North Korea says ‘no’ to UN as crisis broker

SEOUL: North Korea rejected yesterday moves to resolve the nuclear crisis through the United Nations, saying the dispute could only be resolved through direct negotiations with the United States. 

The Stalinist state said it would not allow the United States to “internationalise” the dispute, amid a wave of global diplomacy aimed at forging a united stance to harness North Korea’s nuclear ambitions. 

“The DPRK (North Korea) and the US should sit face-to-face to solve the nuclear issue on the Korean peninsula, as it was authored by the latter,” the state-run Korean Central News Agency (KCNA) quoted First Vice-Foreign Minister Kang Sok-ju as saying in Pyongyang. 

“The internationalisation of the nuclear issue will make the prospect of its settlement more complicated and gloomy.” 

Separate editorials by KCNA and North Korea’s ruling Workers’ Party newspaper Rodong Sinmun criticised the United States, and especially Secretary of State Colin Powell, for suggesting the UN should help broker an end to the crisis. 

“It fully reveals the shameless nature and wicked intention of the US to internationalise the DPRK’s ‘nuclear issue’ in a bid to brand it as a ‘criminal’ and stifle it at any cost,” the Rodong Sinmun said. 

The reports came just a day before the UN Security Council was to discuss the issue in New York and a day after UN secretary-general Kofi Annan’s special envoy, Maurice Strong, made a four-day visit to Pyongyang to help resolve the crisis. 

South Korea, China, Russia and Japan have also made concerted diplomatic efforts over the past week to help end the crisis, but North Korea’s official comments yesterday appeared to rebuff their moves.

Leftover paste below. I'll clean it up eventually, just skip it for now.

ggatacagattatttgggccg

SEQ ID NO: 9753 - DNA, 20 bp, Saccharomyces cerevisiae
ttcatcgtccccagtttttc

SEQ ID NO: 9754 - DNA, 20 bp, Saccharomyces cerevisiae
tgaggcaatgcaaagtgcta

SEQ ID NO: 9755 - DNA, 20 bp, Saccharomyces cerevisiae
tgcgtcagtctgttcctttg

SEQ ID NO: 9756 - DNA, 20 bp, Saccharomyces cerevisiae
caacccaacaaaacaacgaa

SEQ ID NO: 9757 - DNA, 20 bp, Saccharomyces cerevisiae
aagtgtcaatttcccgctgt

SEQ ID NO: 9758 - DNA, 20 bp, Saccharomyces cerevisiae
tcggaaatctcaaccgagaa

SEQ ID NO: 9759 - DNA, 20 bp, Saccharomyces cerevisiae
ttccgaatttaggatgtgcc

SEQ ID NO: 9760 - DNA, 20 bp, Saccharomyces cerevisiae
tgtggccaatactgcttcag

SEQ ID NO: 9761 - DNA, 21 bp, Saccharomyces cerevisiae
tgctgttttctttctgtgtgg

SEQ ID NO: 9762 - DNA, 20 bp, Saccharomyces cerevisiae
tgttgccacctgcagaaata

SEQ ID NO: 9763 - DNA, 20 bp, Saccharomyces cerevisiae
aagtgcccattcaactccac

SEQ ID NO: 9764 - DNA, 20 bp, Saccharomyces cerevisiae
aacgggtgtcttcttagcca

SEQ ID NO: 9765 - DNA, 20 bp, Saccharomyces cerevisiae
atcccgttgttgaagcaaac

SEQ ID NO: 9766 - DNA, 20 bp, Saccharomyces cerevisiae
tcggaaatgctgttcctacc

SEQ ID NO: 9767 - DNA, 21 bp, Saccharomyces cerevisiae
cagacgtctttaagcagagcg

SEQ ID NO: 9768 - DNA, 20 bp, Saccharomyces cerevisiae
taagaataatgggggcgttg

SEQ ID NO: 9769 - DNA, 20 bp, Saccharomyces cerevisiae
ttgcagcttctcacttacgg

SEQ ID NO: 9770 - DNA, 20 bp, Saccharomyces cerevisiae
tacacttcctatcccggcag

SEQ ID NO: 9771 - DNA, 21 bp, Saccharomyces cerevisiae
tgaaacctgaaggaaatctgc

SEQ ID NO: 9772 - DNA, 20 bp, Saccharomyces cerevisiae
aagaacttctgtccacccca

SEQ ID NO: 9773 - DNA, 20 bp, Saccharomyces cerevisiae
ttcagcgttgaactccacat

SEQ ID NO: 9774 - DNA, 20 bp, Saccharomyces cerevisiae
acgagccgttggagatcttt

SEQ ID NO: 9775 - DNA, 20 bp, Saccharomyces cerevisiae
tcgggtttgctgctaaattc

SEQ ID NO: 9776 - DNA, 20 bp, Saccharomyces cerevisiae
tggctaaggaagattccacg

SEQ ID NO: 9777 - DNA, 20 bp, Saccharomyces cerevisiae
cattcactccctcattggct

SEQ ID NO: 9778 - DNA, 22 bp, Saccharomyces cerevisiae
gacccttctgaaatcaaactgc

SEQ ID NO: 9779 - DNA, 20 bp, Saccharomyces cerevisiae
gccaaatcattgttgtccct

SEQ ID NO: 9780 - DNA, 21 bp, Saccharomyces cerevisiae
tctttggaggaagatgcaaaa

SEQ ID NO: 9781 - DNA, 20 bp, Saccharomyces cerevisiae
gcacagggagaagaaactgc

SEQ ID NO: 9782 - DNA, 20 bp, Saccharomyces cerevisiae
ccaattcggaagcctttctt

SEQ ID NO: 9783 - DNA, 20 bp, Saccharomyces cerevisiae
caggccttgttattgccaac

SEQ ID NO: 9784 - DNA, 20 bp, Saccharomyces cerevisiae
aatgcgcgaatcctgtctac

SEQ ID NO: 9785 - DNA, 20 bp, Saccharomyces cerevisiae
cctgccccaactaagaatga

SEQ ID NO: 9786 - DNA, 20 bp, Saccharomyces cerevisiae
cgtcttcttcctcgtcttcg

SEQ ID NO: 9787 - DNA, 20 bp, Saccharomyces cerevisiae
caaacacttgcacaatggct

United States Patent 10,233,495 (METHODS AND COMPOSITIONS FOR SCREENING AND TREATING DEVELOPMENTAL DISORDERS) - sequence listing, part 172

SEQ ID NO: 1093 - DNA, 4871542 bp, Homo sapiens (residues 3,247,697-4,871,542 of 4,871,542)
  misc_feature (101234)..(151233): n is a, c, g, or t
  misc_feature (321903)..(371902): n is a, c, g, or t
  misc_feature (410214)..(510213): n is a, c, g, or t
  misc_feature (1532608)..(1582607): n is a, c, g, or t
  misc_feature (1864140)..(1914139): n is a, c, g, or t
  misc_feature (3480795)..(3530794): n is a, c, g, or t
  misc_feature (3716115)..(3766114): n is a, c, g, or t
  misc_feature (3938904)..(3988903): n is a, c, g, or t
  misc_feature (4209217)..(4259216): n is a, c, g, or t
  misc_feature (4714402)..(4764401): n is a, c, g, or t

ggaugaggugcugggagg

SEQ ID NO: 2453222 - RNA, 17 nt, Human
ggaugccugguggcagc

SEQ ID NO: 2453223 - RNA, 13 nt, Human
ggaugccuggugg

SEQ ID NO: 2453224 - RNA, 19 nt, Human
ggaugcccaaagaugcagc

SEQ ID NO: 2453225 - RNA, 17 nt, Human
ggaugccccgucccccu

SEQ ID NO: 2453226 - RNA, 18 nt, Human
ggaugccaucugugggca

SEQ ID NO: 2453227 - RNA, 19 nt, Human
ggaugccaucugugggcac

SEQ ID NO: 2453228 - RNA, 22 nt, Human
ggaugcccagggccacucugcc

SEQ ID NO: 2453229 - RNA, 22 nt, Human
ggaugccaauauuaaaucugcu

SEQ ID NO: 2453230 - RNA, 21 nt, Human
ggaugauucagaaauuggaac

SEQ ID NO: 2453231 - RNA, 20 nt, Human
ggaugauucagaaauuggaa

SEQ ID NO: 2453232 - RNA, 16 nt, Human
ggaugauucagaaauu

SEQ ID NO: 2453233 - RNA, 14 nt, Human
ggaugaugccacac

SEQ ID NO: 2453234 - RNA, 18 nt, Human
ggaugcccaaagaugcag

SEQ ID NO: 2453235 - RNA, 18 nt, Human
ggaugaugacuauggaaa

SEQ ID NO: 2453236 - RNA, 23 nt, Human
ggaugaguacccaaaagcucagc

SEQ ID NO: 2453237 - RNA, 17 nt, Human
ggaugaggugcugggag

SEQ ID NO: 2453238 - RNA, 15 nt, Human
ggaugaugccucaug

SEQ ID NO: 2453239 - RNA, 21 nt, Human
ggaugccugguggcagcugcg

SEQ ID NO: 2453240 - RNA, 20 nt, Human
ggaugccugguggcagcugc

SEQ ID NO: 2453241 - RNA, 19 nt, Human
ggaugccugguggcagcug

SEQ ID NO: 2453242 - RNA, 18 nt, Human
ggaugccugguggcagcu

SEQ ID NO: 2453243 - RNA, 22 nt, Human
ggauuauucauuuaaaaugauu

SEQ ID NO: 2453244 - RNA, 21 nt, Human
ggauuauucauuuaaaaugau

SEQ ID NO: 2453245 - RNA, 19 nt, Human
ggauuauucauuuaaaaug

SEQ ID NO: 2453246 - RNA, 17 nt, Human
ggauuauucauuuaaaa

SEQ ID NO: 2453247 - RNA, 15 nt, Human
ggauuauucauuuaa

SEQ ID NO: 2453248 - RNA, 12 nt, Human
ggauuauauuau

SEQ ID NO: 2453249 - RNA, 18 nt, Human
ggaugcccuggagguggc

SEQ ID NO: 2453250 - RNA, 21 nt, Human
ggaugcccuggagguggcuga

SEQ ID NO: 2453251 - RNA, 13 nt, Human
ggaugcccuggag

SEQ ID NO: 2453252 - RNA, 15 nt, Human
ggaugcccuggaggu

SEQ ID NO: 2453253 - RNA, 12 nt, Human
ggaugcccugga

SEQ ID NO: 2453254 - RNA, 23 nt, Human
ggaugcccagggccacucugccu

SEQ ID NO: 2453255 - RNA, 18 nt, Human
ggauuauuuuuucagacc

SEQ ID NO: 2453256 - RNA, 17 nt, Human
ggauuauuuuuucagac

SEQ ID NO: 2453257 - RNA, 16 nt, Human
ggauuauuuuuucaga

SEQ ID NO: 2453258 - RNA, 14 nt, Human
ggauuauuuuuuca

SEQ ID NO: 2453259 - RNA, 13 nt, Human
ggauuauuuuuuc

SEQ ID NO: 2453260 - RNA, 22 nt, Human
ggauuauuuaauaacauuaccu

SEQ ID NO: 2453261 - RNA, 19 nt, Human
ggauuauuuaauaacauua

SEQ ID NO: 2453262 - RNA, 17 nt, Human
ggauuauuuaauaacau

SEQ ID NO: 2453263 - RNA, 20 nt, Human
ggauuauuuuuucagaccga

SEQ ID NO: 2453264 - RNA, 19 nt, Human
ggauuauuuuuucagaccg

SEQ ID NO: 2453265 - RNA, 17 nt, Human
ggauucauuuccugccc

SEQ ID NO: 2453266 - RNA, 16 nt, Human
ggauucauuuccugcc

The comments also signal a tough week for South Korean officials, who hoped to raise the nuclear issue with Pyongyang officials in three separate rounds of talks, the first of which begins today in Kumgang in North Korea. 

As the crisis dragged through its fourth month without any sign of a resolution, Pyongyang also warned yesterday its resolve was still as strong as ever. 

“If the US drives the developments to the extremes, the DPRK will be left with no option but to counter it with the toughest stance,” KCNA said. 

Meanwhile, about 20,000 South Korean Christians held a pro-US rally here yesterday at which a North Korean flag was burned amid demands for North Korea to renounce its nuclear ambitions. 

The conservative Christians floated thousands of green balloons symbolising peace on the Korean peninsula into the sky and waved pro-US banners and flags of the United States, South Korea and the United Nations. 

The rally in front of the City Hall here was considered a counter to a series of near-daily candlelight protests that began in November to mourn the deaths of two schoolgirls run over by a US army vehicle. 

About 600 Christians held a separate anti-Pyongyang rally near the northern border with North Korea, chanting: “We support US military.” 

Resentment towards the United States over the accident in June that killed the girls and the subsequent acquittal by a US court martial of the two soldiers in the vehicle has been stoked by Washington's hard line towards North Korea in the ongoing nuclear crisis. – AFP 

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